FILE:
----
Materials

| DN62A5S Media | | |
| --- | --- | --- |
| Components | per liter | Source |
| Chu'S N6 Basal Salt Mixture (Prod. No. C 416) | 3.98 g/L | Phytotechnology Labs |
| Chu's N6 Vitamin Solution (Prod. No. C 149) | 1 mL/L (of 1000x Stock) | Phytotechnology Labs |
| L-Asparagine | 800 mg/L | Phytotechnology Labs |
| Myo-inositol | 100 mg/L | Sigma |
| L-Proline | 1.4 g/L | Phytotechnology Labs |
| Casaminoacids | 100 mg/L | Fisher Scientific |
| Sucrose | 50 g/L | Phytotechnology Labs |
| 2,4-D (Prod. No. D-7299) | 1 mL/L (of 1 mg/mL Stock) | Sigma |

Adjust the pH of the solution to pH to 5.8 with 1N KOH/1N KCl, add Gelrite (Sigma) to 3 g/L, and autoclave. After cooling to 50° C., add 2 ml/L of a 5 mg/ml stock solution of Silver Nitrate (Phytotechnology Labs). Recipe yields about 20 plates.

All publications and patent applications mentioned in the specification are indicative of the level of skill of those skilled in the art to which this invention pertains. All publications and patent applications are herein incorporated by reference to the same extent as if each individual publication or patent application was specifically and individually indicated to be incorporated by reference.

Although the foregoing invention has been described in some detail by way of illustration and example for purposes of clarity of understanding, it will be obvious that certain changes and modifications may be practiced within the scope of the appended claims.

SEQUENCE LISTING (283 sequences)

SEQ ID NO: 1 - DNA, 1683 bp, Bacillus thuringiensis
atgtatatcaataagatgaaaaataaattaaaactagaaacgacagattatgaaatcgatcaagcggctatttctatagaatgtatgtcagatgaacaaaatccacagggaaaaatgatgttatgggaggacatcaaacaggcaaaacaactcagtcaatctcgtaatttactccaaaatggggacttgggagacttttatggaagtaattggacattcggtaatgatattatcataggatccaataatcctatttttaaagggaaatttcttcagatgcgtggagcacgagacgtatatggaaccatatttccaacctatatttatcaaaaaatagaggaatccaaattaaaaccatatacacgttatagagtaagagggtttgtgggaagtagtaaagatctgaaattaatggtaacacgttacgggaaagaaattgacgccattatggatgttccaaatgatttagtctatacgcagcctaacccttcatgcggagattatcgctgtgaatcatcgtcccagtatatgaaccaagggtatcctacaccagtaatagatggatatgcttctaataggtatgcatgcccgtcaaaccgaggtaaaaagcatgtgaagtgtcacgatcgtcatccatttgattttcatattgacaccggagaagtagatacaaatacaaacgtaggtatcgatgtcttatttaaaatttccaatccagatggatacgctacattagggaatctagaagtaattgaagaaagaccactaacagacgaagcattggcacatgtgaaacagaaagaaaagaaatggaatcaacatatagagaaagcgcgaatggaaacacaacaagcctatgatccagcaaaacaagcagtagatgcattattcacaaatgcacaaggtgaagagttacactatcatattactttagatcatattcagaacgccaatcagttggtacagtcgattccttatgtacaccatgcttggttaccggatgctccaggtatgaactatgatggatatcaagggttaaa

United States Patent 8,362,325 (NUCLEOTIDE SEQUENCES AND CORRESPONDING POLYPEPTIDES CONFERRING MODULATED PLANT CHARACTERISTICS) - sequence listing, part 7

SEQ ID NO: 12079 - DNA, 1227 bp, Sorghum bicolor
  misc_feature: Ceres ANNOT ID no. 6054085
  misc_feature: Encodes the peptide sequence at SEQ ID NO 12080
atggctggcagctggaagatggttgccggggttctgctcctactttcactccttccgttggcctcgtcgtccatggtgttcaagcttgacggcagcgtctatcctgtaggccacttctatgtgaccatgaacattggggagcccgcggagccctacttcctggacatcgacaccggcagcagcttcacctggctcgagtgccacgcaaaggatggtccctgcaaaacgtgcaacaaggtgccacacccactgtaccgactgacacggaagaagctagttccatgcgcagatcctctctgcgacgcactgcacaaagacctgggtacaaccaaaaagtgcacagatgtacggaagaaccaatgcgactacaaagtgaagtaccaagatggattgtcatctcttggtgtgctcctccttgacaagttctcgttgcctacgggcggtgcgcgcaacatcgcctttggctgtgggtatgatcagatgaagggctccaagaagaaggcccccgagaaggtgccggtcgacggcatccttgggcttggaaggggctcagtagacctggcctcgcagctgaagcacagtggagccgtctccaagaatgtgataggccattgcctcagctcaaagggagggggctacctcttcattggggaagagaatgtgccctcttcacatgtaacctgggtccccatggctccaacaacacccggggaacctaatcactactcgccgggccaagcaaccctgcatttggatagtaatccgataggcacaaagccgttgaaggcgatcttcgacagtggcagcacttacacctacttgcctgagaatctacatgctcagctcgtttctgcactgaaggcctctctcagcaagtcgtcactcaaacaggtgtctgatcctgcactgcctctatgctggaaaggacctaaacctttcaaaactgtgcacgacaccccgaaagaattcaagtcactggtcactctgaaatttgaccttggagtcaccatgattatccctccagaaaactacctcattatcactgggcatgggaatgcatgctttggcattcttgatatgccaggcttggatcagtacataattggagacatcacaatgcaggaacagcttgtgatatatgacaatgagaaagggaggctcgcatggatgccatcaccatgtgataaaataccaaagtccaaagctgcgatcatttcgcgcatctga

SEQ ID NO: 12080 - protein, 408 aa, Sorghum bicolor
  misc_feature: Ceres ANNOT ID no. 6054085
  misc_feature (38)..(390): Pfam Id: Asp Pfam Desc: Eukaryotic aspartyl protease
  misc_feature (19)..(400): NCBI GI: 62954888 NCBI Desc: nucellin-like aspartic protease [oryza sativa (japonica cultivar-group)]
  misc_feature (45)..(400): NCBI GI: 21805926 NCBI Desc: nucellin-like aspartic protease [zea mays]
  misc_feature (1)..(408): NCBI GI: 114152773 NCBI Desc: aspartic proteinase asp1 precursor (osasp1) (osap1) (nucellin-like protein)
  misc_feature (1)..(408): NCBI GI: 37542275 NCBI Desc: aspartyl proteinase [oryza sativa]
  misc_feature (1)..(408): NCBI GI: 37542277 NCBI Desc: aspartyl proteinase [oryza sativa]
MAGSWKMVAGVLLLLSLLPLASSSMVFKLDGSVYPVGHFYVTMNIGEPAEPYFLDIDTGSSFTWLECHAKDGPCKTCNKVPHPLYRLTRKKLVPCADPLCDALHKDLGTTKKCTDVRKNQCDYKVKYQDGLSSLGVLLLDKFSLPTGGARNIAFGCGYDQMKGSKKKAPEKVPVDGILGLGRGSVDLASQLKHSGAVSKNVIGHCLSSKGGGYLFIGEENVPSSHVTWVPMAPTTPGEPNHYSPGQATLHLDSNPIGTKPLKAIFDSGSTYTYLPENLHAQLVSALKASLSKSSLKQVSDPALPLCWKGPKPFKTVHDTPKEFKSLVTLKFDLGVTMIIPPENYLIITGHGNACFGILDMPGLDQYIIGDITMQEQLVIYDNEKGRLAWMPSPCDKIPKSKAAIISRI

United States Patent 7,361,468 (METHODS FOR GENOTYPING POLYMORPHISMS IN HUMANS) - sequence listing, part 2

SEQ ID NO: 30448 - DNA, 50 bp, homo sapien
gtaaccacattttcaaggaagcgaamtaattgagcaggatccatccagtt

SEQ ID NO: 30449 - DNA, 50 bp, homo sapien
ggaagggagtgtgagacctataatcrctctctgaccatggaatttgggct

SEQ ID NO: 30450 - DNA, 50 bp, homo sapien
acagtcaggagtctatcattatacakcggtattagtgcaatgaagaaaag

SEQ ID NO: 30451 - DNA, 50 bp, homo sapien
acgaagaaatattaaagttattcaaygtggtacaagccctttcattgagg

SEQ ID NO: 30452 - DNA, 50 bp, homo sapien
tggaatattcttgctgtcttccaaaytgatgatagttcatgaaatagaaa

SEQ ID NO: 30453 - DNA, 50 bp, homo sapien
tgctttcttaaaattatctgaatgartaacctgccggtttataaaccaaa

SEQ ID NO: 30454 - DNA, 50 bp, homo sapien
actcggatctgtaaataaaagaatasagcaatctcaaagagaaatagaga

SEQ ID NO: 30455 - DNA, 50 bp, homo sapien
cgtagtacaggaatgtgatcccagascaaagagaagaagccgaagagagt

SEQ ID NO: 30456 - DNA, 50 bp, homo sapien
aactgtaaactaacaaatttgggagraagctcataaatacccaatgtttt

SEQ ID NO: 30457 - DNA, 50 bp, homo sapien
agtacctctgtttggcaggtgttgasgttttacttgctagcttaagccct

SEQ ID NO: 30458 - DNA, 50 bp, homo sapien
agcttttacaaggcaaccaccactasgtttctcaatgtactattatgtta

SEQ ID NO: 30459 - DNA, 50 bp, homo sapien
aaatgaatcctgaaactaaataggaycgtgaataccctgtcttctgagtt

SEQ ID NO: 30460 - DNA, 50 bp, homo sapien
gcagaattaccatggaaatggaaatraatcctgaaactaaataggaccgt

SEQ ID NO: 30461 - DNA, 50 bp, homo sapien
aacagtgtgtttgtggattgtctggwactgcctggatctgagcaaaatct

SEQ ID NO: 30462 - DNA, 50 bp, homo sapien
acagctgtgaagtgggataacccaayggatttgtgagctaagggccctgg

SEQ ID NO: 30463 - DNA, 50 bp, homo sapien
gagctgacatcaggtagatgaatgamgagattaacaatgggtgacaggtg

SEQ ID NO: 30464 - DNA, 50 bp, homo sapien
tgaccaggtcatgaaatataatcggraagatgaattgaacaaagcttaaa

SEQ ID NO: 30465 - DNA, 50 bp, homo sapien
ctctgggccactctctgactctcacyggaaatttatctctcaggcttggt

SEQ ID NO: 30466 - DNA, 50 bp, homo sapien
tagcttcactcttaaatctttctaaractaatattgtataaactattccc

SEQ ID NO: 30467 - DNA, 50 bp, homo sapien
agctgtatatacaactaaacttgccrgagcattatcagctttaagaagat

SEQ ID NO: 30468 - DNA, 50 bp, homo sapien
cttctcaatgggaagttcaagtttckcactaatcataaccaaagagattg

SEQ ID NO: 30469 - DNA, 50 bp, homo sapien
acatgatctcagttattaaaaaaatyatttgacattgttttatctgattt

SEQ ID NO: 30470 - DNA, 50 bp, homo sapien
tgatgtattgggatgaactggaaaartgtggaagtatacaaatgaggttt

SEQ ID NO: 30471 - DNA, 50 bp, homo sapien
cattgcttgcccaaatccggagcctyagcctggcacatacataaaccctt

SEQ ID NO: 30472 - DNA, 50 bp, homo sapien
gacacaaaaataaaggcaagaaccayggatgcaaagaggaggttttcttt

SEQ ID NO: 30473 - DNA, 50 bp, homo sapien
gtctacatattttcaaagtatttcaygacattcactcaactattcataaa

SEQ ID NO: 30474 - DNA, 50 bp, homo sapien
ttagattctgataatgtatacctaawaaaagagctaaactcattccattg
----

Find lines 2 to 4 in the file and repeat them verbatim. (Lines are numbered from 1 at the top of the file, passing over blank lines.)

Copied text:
| DN62A5S Media | | |
| --- | --- | --- |
| Components | per liter | Source |